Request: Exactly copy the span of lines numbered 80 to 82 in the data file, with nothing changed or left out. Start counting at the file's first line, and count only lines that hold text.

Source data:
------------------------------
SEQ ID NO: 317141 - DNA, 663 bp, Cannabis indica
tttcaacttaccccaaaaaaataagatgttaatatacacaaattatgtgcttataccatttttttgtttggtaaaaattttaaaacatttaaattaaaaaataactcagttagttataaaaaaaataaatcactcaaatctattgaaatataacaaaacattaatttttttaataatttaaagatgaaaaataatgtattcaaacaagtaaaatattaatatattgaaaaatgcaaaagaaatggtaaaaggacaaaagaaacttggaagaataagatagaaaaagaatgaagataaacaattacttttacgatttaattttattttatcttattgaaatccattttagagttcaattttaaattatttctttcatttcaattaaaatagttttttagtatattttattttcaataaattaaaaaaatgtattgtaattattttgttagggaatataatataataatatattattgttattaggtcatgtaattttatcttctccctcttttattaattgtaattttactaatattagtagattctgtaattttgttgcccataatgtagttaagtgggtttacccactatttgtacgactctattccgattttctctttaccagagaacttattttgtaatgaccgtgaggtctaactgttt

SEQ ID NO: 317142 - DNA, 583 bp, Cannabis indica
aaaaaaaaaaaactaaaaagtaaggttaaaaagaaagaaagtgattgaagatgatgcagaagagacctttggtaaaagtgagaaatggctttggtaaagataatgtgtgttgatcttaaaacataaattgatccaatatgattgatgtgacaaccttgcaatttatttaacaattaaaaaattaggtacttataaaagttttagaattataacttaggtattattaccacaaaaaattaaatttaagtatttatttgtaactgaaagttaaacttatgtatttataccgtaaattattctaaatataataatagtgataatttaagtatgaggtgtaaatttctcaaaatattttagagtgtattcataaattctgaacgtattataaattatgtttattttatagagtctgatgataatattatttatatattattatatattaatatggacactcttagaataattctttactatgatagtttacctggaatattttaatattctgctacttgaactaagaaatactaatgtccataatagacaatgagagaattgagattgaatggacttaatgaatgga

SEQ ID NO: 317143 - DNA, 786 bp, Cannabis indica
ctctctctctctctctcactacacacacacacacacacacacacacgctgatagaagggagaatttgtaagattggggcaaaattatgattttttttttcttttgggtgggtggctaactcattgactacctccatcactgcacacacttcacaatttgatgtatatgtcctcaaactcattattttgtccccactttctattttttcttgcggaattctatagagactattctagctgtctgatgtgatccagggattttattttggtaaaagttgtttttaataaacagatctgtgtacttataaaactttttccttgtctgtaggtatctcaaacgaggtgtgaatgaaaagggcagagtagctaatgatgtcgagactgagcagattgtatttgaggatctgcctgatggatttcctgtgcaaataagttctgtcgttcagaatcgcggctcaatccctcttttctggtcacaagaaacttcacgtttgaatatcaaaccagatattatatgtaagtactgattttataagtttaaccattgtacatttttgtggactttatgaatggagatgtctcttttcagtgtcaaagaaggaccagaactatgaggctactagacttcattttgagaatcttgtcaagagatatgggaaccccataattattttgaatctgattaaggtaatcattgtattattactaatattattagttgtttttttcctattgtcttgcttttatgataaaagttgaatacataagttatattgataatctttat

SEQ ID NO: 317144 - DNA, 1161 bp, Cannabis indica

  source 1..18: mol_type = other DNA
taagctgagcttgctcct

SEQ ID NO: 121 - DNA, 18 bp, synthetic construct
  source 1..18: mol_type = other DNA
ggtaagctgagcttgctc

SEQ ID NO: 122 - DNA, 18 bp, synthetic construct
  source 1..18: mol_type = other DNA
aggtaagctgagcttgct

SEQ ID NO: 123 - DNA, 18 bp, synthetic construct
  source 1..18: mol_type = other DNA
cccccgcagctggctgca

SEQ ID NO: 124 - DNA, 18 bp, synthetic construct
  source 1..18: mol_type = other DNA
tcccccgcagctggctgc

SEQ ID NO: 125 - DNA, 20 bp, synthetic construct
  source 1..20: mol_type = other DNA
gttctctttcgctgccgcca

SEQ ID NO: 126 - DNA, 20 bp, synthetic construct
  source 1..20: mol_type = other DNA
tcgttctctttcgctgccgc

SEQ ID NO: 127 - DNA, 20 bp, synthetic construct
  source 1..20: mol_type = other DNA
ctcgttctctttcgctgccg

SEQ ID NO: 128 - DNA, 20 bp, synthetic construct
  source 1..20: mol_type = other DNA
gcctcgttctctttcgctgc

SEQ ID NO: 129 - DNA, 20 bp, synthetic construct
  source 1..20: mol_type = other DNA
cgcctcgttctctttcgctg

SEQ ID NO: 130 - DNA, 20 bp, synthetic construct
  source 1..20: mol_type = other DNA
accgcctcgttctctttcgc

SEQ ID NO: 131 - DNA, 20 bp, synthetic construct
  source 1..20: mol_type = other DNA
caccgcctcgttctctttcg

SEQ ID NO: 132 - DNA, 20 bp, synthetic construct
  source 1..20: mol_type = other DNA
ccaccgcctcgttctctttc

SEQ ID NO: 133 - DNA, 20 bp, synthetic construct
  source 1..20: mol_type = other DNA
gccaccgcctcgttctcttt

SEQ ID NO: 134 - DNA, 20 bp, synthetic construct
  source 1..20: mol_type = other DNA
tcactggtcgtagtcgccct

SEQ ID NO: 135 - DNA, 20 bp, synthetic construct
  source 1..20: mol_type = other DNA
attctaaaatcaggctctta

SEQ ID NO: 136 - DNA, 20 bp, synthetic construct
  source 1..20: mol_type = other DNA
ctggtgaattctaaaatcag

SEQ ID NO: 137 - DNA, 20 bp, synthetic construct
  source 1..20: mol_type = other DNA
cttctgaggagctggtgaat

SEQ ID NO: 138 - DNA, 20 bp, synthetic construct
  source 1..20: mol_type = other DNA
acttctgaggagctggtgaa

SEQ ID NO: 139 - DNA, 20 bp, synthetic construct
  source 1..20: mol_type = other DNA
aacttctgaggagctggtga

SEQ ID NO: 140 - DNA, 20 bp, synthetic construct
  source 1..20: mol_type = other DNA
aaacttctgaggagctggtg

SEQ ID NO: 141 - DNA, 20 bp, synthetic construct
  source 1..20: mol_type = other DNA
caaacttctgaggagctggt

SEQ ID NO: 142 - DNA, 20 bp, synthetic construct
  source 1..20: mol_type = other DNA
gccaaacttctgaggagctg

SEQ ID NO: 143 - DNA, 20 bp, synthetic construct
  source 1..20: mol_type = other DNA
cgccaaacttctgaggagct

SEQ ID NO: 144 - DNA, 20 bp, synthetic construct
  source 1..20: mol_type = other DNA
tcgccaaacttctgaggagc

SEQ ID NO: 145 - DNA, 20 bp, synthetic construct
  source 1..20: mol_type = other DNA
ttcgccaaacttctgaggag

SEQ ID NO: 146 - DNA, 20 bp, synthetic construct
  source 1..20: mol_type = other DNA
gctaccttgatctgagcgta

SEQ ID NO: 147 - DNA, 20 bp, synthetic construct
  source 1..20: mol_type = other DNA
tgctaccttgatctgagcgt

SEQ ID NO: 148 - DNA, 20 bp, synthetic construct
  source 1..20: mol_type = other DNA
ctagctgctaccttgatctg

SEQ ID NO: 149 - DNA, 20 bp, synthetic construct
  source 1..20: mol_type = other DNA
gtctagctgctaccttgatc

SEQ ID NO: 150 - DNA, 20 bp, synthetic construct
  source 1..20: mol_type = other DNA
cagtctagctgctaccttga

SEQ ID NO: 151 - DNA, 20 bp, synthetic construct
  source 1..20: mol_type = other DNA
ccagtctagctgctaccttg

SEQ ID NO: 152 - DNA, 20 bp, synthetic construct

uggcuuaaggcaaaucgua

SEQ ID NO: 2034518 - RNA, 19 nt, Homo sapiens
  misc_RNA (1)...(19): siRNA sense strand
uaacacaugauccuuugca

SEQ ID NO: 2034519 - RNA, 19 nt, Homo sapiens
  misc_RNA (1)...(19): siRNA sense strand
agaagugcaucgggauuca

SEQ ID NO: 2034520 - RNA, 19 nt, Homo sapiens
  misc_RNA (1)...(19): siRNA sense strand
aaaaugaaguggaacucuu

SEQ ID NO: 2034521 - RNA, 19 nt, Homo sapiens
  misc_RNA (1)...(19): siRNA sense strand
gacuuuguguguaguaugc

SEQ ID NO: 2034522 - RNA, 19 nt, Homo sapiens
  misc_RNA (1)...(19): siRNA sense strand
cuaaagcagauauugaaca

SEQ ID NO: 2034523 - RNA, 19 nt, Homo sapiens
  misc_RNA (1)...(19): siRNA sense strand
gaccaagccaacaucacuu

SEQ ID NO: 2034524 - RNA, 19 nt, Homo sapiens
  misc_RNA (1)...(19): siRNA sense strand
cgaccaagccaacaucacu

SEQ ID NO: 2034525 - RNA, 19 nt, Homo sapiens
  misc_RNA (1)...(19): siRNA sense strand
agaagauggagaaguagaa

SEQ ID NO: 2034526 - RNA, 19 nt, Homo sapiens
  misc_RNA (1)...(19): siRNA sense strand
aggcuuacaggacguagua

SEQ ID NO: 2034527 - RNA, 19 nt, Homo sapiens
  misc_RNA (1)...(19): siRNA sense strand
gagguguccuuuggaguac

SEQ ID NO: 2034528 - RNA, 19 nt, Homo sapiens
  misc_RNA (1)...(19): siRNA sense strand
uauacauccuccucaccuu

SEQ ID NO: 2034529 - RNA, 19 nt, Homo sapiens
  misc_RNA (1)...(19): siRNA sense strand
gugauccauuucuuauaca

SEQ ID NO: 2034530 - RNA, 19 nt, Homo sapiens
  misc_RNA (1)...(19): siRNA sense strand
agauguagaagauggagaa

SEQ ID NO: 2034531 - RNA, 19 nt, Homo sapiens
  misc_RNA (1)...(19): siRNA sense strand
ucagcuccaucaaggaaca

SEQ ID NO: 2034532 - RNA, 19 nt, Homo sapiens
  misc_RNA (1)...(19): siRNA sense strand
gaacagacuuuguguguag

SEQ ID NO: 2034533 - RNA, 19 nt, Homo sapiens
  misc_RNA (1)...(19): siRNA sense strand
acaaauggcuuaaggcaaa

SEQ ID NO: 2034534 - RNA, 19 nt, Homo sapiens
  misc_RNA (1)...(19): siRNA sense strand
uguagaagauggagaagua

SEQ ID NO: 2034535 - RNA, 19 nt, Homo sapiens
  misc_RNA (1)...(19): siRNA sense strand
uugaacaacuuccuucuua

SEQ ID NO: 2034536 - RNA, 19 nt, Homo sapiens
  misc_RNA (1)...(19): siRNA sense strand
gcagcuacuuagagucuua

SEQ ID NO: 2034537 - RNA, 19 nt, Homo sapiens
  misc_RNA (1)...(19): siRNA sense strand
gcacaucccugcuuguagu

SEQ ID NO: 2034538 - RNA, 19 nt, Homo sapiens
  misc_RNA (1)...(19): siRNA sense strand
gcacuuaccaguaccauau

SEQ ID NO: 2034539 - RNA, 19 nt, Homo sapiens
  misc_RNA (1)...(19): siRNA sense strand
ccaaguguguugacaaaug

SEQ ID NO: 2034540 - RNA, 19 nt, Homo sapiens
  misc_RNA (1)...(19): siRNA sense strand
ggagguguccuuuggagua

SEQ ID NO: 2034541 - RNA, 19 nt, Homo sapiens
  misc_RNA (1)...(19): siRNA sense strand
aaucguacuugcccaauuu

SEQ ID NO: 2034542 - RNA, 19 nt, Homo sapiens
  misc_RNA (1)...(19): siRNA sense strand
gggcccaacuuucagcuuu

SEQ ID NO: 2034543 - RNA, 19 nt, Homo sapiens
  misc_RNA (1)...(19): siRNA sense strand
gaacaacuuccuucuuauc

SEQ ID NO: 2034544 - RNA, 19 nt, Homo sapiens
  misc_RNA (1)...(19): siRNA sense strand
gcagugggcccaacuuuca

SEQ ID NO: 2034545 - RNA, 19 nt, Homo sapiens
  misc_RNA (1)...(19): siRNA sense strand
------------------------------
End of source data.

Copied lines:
  source 1..20: mol_type = other DNA
tcgccaaacttctgaggagc

SEQ ID NO: 145 - DNA, 20 bp, synthetic construct